Stockholm and Göteborg, Sweden; April 8 2005 - December 18, 2005
The Girl Who Kicked the Hornet's Nest begins right where The Girl Who Played With Fire ends, just after Salander returns from the dead to bury an axe in her murderous father's face. Blomkvist finds her at Zalachenko's farm on the verge of death, with a bullet in her head, and calls for help.
While Salander does vacation in Gibraltar, Spain, and she does fly to Paris for a reunion with Mimmi, most of the action is split between two majors settings – Sahlgrenska Hospital in Göteborg, Sweden and Stockholm, Sweden. Sahlgrenska is where Salander is recovering from the bullet to her brain and other injuries. Stockholm is where Blomkvist and his team, Milton Security, the Unit, the Section, and the police all play Spy vs Spy with each other. Stockholm is also where Salander awaits wait in jail for her trial and where she wins her freedom in court.
As in the other two Salander-Blomkvist novels, cyberspace is an important part of the setting. In fact, the dangerous games being played are mostly won and lost in cyberspace. Blomkvist knows that Salander must have access to a computer and the Internet in order to prepare her defense and help take down the bad guys. When Blomkvist convinces Dr. Jonasson to smuggle Salander's Palm Tungsten T3 into the hospital he says, "This is the most important weapon Lisbeth has in her arsenal – she has to have it" (11.293). We think he's right.
For example, Teleborian might not have faced charges or lost his job even though he was discredited as an expert on Salander. But, Plague, Salander, and the Hacker Republic are able to hack his computer and uncover the child pornography he trades with others (in cyberspace).
Similarly, Salander and Plague must go into cyberspace to discover who is stalking Erika Berger. In the process, Salander and Berger are able to bond, and this probably softens Salander toward Blomkvist. Yep, and all that pinging back and forth between Blomkvist and Salander helps lay the ground work for their in-the-flesh reunion at the end of the novel.
Hospitals and hospital-type places are important to all three books of the trilogy. In Dragon Tattoo Salander's visits to her mother in Äppelviken nursing home help us see, among other things, Salander's caring side. Her visits to her ex-guardian and good friend Holger Palmgren at his rehabilitation center in Fire have a similar effect. Fire also introduces us to the horrors Salander faced at St. Stefan's psychiatric clinic, where she was falsely imprisoned and tormented by Dr. Teleborian.
Sahlgrenska hospital, where Salander recovers from Zalachenko and Niedermann's attempt to kill her, is a stark contrast to St. Stefan's. Why? Well, when Salander was in St. Stefan's there were very few people who cared about her and nobody brave enough to stop Teleborian from abusing her. At Sahlgrenska, though, there's a whole army of people devoted to her safety. In St. Stefan's she had the sadistic Teleborian looking out for her; in Sahlgrenska, she has the kind and intelligent Dr. Jonasson.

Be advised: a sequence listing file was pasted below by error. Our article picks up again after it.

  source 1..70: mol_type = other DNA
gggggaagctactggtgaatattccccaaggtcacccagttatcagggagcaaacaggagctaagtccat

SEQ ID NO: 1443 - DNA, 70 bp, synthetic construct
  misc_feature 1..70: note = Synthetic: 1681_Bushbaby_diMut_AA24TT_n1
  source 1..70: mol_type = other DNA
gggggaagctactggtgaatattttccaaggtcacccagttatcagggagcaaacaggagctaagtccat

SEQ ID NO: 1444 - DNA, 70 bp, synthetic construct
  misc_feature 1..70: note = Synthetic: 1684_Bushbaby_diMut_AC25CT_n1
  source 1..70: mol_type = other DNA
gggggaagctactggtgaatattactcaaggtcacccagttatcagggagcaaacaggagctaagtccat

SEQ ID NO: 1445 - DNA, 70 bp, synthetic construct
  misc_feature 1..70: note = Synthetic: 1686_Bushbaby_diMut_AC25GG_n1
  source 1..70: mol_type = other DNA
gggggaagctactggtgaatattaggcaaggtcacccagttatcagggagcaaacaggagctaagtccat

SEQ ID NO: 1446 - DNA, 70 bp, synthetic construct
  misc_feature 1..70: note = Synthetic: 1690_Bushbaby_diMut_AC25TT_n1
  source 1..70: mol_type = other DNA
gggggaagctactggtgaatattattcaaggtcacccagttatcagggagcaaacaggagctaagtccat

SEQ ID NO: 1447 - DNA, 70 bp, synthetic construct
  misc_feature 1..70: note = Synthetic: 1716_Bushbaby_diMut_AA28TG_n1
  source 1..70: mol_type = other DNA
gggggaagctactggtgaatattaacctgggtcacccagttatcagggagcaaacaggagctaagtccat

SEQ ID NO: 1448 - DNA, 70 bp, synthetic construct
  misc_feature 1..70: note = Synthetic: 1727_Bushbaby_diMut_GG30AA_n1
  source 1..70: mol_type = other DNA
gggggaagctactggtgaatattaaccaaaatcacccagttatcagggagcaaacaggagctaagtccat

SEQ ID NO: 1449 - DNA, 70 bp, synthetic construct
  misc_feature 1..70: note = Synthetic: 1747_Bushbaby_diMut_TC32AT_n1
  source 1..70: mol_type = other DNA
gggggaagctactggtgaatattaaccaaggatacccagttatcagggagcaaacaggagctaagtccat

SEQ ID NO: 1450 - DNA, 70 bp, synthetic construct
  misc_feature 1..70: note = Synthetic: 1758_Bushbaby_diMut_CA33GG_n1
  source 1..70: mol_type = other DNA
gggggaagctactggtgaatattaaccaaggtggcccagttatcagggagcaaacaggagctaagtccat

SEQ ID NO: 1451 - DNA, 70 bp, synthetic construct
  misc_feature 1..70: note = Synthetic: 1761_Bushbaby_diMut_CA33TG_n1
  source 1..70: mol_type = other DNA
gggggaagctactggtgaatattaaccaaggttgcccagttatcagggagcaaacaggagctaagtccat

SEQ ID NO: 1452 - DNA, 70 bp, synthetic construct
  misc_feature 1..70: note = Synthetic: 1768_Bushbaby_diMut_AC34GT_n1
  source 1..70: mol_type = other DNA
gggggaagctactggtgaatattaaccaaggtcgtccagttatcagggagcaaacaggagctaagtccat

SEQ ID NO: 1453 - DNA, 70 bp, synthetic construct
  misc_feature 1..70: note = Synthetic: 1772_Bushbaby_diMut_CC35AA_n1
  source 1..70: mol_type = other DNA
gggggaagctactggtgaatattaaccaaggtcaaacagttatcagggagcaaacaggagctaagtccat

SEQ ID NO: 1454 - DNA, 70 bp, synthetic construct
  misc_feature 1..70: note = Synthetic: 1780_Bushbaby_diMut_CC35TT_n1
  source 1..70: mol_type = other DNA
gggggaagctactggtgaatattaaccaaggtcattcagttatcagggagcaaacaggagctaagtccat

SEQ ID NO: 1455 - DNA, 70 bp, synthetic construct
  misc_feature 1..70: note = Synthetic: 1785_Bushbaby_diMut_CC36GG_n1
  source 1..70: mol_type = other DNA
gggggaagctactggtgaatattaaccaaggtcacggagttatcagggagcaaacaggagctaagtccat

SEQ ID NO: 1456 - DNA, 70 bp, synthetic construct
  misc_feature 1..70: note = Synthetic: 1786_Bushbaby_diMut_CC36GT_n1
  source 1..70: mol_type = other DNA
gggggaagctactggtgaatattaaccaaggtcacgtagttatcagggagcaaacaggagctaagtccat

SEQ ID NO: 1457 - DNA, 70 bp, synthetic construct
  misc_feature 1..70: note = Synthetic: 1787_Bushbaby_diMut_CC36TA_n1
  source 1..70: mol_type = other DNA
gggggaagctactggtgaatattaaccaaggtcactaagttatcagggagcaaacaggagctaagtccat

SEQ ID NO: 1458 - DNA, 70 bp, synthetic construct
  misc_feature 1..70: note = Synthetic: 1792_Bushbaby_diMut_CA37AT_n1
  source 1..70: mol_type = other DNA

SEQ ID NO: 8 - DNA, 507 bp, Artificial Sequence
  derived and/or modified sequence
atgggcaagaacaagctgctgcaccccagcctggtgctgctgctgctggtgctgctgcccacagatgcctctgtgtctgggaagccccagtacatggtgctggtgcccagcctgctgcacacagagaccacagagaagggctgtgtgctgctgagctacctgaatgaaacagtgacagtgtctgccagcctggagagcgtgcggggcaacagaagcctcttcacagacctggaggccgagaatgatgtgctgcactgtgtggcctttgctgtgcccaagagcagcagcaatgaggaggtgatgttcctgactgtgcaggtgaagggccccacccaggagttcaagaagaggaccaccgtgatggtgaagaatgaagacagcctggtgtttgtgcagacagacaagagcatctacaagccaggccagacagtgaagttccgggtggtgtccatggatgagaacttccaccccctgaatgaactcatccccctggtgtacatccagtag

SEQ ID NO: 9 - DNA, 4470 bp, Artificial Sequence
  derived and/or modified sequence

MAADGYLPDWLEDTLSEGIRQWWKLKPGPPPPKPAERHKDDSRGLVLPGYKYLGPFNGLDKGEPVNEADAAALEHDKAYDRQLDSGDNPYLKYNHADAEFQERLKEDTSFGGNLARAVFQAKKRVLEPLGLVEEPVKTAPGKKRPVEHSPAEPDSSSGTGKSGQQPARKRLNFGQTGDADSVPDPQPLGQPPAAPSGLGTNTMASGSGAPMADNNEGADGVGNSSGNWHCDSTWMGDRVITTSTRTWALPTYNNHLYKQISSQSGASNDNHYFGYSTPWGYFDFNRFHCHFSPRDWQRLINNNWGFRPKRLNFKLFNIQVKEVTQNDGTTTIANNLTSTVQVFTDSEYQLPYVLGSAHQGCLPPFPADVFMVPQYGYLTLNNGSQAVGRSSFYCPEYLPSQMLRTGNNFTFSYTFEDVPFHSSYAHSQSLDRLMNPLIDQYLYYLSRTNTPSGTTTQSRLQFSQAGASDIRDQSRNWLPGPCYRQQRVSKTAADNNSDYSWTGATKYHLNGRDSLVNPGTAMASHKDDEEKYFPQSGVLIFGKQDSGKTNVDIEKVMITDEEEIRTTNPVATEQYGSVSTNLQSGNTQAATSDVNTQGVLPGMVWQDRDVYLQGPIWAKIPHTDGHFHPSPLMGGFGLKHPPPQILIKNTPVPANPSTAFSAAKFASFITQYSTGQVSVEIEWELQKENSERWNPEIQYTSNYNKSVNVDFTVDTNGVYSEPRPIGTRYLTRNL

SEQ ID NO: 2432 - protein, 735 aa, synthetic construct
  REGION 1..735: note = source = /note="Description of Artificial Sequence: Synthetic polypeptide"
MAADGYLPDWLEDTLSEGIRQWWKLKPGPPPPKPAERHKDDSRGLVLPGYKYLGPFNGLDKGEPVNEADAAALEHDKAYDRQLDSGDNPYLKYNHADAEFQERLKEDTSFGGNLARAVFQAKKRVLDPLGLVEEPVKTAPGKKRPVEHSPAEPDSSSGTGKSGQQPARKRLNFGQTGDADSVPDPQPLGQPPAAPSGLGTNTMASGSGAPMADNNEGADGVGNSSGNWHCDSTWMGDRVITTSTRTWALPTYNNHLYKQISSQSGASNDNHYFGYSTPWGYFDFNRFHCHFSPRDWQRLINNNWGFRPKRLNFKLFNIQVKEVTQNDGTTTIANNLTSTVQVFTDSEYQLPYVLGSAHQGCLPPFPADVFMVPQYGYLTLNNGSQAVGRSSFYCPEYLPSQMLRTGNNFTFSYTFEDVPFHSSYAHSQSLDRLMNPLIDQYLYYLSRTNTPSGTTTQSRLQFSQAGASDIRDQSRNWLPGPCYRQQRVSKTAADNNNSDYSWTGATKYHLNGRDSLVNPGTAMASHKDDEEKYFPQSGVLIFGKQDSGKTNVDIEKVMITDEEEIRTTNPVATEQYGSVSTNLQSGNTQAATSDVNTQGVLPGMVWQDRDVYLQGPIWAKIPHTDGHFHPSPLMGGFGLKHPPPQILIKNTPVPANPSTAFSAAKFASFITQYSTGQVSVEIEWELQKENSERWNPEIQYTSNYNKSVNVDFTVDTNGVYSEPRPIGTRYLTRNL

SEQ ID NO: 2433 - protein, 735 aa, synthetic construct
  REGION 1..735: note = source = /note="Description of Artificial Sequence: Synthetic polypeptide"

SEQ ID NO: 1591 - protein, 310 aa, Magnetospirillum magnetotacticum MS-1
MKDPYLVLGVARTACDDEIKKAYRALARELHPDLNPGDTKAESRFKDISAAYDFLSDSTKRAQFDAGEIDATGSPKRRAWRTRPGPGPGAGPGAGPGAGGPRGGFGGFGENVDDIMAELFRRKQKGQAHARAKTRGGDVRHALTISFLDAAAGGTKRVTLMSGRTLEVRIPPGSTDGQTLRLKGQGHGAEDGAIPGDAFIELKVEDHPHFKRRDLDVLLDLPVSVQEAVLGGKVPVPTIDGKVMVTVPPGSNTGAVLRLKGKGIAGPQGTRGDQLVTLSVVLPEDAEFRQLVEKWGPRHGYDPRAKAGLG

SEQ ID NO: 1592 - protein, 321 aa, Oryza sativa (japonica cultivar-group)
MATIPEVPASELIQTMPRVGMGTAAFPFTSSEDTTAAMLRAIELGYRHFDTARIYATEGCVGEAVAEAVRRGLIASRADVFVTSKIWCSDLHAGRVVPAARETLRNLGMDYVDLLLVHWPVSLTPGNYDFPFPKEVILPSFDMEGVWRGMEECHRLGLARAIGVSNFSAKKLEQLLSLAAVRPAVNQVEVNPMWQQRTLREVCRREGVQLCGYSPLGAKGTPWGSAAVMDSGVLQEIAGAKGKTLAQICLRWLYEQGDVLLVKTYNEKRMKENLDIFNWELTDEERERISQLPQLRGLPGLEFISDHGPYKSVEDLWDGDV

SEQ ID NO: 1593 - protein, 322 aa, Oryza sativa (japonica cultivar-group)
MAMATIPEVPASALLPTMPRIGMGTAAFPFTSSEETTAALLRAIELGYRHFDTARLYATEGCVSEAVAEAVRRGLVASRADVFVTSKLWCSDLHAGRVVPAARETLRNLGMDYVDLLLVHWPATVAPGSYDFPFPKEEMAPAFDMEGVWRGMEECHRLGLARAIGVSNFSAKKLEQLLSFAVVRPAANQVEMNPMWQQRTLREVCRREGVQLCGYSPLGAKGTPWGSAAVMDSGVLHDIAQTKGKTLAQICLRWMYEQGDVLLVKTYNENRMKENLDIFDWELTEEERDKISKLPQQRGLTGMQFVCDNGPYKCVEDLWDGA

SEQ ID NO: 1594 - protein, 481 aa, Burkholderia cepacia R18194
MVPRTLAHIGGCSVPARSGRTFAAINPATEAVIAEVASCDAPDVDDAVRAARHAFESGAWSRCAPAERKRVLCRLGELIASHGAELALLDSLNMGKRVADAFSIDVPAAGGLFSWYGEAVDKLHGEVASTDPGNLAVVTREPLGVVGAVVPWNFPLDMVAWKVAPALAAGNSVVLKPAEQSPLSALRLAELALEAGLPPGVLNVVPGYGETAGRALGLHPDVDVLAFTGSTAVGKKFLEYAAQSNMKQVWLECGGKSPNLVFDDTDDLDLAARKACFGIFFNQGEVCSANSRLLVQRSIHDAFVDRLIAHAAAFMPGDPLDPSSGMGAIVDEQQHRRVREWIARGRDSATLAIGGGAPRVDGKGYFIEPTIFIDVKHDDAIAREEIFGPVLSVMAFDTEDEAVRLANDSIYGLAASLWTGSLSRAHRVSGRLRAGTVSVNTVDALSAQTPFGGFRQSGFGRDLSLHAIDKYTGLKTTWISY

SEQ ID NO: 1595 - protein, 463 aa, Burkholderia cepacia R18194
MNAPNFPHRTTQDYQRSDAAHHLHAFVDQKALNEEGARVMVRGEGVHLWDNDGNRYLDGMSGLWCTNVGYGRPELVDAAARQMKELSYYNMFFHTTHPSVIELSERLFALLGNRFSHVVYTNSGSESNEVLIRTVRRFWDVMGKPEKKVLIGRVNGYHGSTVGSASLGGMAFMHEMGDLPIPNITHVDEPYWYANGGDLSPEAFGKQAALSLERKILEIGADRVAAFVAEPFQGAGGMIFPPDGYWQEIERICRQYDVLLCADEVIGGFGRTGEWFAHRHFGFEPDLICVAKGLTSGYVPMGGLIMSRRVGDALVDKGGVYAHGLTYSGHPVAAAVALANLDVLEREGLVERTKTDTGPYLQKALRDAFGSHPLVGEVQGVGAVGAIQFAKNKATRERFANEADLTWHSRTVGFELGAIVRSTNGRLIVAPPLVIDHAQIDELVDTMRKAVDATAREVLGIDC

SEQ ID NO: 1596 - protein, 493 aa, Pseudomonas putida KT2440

Being protected from those who wish her harm, while remaining connected with the outside world, makes Salander's hospital stay, as she tells Plague, positively "Restful" (15.92) in spite of the lack of pizza. After Gullberg kills Zalachenko, Salander has a chance to relax and write her autobiography, a document which will help her win back the freedom.
Finally it was over.
The story that had begun on the day she was born had ended at the brickworks.
She was free. (Epilogue.230-232)
Hornet's Nest just wouldn't be complete without some kind of torture chamber. Take Nils Bjurman's bedroom and Martin Vanger's underground room in Tattoo, or Salander's bedroom at St. Stefan's and her premature grave in Fire. Here we have the abandoned brickworks, Salander's inheritance from Zalachenko. When she learns of its existence, she tries not to be curious, but can't help herself. She has to check it out. As she explores the old warehouse, readers realize along with Salander that the place was used to imprison women in Zalachenko's sex trade, and at least two dead bodies are on the premises.
Of course, this is also where Salander makes sure the police get hold of all the remaining hornets (members of Svavelsjö Motorcycle Club), and we see Salander and Niedermann face off in one of the most gruesome cases of sibling rivalry we know of. As we talk about in "Characters: Lisbeth Salander," Salander's decision to leave Niedermann to the police instead of killing him might be part of what makes her feel so free. If she'd killed Niedermann she might once again be a wanted women, having to defend her actions in a court of law.
Millennium and SMP
SMP, where Erika Berger takes on the job as editor in chief, is a huge newspaper controlled by men who don't respect Berger or even consider her ideas. When Salander reads the SMP board's correspondence, while tracking Berger's stalker, she wonders, "Why the hell had this group of boys hired Berger at all, if all they did was tear her limb to limb?" (21.13).
Good question. They certainly didn't hire her to cut their personal profits in order to beef up the news team and update equipment, which is what Berger wants to do. Likely, they thought they could use her famous face to attract new readers, while bending her to their will. SMP provides an intense contrast to Millennium, where Berger is respected and valued, as are all the staff members.
Above all, quality and devotion to the truth define Millennium. Certainly there is quality news being put out at SMP, but as a daily paper, this is harder to achieve than with a monthly. This challenge is part of what attracts Berger to the position. Likely, she would have greatly improved the quality of the news coming out if she'd been given real control, instead of in name only.